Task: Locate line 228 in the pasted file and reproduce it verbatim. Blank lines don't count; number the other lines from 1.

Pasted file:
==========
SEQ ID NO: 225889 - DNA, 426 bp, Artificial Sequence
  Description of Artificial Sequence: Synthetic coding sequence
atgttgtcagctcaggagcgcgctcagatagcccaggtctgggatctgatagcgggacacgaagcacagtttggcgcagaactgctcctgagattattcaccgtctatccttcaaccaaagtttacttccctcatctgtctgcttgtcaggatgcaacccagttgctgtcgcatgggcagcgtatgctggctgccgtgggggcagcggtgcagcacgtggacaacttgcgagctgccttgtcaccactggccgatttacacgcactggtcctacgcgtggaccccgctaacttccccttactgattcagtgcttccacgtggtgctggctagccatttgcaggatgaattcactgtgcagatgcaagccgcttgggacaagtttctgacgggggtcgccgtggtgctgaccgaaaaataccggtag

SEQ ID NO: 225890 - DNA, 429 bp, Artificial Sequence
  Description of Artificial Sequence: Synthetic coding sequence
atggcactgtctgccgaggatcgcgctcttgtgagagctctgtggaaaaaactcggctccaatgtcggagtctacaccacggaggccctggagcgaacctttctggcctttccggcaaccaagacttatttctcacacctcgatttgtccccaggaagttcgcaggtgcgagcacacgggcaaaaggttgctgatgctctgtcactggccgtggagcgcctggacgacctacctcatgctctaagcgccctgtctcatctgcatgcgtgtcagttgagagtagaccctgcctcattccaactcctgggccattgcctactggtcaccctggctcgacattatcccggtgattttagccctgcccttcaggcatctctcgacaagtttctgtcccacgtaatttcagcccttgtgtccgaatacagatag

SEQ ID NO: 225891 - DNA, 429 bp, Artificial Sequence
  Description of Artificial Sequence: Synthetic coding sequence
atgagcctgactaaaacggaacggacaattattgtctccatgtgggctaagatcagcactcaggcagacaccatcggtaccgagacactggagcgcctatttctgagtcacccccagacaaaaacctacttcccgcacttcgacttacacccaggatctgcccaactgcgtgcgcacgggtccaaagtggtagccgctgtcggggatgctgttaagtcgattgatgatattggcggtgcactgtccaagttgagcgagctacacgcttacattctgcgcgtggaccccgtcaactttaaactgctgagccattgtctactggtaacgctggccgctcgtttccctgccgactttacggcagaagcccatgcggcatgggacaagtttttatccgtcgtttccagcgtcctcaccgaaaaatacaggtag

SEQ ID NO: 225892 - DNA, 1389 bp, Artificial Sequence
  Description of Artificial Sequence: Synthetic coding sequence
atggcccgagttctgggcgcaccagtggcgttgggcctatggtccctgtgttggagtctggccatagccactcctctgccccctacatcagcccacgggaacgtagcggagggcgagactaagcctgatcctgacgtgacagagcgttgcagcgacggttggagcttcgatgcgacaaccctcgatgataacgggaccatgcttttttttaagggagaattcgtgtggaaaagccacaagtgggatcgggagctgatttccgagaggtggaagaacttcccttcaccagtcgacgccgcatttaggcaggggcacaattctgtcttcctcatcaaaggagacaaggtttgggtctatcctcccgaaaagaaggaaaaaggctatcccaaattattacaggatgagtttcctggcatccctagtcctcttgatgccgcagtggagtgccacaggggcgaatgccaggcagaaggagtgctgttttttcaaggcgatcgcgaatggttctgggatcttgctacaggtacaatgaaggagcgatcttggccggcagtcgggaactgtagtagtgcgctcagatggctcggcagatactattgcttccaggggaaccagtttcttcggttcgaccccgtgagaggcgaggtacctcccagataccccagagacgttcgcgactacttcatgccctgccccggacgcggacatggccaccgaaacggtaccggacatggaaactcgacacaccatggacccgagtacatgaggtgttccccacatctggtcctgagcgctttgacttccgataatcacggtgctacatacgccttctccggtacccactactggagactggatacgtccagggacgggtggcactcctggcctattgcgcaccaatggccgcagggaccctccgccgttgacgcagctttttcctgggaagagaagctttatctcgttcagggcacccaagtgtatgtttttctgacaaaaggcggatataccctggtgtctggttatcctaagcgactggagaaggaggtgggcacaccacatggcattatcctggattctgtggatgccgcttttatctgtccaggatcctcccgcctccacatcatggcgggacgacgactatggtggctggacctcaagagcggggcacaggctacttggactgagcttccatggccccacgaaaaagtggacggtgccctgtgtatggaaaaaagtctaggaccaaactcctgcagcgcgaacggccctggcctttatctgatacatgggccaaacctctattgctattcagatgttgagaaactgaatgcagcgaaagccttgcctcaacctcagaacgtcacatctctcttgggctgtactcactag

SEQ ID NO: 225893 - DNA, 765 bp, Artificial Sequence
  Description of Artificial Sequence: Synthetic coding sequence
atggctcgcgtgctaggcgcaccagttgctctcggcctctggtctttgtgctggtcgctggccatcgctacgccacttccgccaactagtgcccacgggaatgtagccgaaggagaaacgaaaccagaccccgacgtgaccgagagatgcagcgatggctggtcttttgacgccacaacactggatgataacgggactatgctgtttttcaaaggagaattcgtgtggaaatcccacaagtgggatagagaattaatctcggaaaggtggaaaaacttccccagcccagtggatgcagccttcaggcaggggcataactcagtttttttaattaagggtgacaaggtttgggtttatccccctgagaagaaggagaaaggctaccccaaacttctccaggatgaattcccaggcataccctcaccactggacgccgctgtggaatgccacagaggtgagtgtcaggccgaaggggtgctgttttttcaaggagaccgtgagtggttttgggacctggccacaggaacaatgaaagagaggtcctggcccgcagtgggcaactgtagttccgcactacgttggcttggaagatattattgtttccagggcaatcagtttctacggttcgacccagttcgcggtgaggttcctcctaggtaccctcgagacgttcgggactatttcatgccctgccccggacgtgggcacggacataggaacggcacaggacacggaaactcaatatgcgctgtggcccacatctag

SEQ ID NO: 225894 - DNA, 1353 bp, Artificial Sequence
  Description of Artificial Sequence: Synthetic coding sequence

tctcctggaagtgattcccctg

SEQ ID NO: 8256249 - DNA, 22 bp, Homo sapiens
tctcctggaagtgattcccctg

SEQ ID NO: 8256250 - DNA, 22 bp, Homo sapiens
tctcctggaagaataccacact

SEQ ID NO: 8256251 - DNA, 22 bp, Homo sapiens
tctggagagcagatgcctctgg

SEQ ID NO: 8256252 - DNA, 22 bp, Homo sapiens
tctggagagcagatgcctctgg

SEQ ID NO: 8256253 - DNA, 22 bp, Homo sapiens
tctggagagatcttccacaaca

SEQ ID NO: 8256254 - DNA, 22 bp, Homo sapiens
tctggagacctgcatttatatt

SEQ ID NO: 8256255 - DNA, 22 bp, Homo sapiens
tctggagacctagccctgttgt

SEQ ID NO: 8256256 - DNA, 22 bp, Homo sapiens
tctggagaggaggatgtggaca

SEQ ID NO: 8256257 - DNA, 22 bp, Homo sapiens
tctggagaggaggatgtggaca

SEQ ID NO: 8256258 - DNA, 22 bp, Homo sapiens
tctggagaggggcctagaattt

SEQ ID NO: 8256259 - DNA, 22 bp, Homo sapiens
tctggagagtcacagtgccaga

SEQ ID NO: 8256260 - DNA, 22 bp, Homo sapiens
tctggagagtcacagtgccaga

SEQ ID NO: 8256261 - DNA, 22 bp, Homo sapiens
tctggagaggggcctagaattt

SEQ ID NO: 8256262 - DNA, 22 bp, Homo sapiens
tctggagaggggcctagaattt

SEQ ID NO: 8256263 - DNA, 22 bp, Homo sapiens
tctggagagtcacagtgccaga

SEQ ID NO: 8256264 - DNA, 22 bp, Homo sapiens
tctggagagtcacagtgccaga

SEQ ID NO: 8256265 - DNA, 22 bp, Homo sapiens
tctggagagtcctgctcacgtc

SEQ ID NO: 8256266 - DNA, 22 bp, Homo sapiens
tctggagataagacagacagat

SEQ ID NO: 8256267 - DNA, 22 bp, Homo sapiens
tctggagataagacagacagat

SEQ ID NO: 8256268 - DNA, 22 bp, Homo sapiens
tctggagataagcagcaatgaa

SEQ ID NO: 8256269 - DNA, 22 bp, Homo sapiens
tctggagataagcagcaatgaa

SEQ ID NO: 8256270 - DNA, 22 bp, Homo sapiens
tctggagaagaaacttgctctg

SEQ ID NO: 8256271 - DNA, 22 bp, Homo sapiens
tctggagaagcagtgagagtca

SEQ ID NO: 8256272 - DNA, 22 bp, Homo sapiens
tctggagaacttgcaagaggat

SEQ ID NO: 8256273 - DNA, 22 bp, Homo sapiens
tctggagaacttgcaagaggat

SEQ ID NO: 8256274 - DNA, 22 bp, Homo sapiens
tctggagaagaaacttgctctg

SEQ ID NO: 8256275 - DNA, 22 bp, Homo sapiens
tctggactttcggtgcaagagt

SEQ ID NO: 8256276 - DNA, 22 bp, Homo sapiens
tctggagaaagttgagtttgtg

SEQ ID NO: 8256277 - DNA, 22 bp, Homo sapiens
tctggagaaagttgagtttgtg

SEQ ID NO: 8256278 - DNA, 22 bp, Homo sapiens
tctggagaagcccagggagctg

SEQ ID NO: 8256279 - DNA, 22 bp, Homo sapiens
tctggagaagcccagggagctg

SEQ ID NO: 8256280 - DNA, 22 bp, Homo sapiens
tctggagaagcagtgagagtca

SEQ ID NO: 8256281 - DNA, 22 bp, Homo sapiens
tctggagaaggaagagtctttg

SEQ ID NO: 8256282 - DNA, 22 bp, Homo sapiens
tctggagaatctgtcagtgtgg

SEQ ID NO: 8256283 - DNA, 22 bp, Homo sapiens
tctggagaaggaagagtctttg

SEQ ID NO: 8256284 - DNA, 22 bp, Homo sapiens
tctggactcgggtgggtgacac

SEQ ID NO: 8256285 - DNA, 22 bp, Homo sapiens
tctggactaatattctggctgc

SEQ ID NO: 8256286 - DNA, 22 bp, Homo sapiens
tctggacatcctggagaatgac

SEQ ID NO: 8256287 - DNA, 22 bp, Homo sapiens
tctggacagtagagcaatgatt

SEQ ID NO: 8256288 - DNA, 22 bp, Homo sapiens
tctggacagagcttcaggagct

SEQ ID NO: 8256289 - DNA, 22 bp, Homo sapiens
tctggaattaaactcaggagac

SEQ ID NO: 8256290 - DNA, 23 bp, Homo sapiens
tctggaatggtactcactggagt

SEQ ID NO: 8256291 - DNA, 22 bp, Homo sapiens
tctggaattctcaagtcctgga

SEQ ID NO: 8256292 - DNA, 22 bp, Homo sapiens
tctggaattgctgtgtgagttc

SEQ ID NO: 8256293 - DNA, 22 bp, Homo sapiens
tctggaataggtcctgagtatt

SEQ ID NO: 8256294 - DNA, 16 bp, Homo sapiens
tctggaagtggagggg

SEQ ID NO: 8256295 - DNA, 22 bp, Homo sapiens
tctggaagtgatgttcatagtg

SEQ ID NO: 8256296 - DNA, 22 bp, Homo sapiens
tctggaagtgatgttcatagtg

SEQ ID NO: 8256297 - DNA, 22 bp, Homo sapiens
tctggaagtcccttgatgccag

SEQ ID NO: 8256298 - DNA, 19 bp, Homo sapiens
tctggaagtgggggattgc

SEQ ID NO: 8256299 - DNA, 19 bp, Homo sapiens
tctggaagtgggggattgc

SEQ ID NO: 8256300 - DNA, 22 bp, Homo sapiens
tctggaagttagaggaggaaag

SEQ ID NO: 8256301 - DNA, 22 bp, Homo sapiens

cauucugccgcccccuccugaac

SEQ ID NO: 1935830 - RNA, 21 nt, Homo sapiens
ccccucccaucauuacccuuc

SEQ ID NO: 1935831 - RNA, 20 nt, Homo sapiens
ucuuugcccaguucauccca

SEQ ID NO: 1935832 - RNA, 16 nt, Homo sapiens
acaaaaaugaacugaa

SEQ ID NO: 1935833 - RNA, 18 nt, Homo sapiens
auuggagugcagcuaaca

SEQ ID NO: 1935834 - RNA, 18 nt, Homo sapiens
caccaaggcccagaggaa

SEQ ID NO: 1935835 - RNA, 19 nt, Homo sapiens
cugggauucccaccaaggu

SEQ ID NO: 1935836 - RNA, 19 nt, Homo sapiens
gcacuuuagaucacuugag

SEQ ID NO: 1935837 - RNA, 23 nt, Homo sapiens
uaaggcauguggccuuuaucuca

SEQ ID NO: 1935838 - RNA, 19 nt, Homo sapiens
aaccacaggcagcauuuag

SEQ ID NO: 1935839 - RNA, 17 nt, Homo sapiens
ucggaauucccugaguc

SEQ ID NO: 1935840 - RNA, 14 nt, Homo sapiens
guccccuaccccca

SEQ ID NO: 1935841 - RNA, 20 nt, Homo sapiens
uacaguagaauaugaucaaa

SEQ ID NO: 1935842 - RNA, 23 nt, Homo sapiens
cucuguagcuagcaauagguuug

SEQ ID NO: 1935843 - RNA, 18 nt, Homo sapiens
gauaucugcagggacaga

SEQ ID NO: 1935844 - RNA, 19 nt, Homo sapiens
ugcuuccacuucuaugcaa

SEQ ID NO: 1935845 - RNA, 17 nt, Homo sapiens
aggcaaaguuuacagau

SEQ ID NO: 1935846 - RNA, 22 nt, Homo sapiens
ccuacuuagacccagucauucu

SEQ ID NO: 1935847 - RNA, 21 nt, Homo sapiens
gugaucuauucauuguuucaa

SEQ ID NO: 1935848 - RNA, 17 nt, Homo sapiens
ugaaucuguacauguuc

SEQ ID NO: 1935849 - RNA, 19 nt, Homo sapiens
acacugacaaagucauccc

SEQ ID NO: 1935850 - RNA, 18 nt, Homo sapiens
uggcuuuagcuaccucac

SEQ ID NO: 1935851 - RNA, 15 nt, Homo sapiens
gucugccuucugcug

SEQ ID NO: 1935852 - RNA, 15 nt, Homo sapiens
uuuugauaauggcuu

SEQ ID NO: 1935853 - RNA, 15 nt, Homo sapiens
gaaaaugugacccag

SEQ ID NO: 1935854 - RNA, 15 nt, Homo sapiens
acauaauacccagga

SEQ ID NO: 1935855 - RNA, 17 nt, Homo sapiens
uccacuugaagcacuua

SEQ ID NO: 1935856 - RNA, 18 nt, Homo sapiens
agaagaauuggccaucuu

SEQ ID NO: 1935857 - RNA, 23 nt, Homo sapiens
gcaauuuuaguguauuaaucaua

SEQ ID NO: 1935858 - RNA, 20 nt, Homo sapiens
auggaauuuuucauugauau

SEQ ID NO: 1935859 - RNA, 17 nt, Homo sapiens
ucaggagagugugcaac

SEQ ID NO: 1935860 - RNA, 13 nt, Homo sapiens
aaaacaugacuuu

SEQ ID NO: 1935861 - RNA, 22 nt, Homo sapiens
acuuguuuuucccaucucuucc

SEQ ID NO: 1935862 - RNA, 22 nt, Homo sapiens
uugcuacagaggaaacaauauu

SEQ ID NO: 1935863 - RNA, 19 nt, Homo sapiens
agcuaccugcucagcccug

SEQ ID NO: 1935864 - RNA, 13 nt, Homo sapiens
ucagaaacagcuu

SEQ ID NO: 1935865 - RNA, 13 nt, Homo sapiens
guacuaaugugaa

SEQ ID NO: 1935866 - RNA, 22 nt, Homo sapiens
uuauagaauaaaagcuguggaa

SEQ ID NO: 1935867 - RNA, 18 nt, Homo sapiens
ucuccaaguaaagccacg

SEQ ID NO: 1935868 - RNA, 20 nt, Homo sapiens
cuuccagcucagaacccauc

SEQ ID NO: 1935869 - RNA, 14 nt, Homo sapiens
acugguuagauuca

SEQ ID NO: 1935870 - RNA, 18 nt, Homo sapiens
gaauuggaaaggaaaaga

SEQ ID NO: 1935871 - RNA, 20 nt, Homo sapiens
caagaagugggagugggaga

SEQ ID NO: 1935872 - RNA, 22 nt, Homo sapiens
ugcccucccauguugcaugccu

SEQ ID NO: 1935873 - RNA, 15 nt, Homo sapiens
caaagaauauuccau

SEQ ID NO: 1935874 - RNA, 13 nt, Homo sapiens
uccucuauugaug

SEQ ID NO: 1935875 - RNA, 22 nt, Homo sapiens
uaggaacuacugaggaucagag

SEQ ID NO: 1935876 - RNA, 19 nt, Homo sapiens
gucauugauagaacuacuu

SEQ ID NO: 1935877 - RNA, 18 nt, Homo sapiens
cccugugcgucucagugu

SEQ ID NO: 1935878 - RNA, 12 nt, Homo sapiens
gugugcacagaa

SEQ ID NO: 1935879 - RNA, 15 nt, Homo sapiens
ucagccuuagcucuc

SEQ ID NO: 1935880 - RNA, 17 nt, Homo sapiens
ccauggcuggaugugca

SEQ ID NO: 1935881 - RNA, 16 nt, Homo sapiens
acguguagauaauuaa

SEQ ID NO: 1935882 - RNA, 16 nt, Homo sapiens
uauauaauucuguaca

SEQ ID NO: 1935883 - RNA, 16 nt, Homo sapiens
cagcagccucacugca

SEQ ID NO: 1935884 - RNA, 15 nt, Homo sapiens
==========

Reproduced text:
acguguagauaauuaa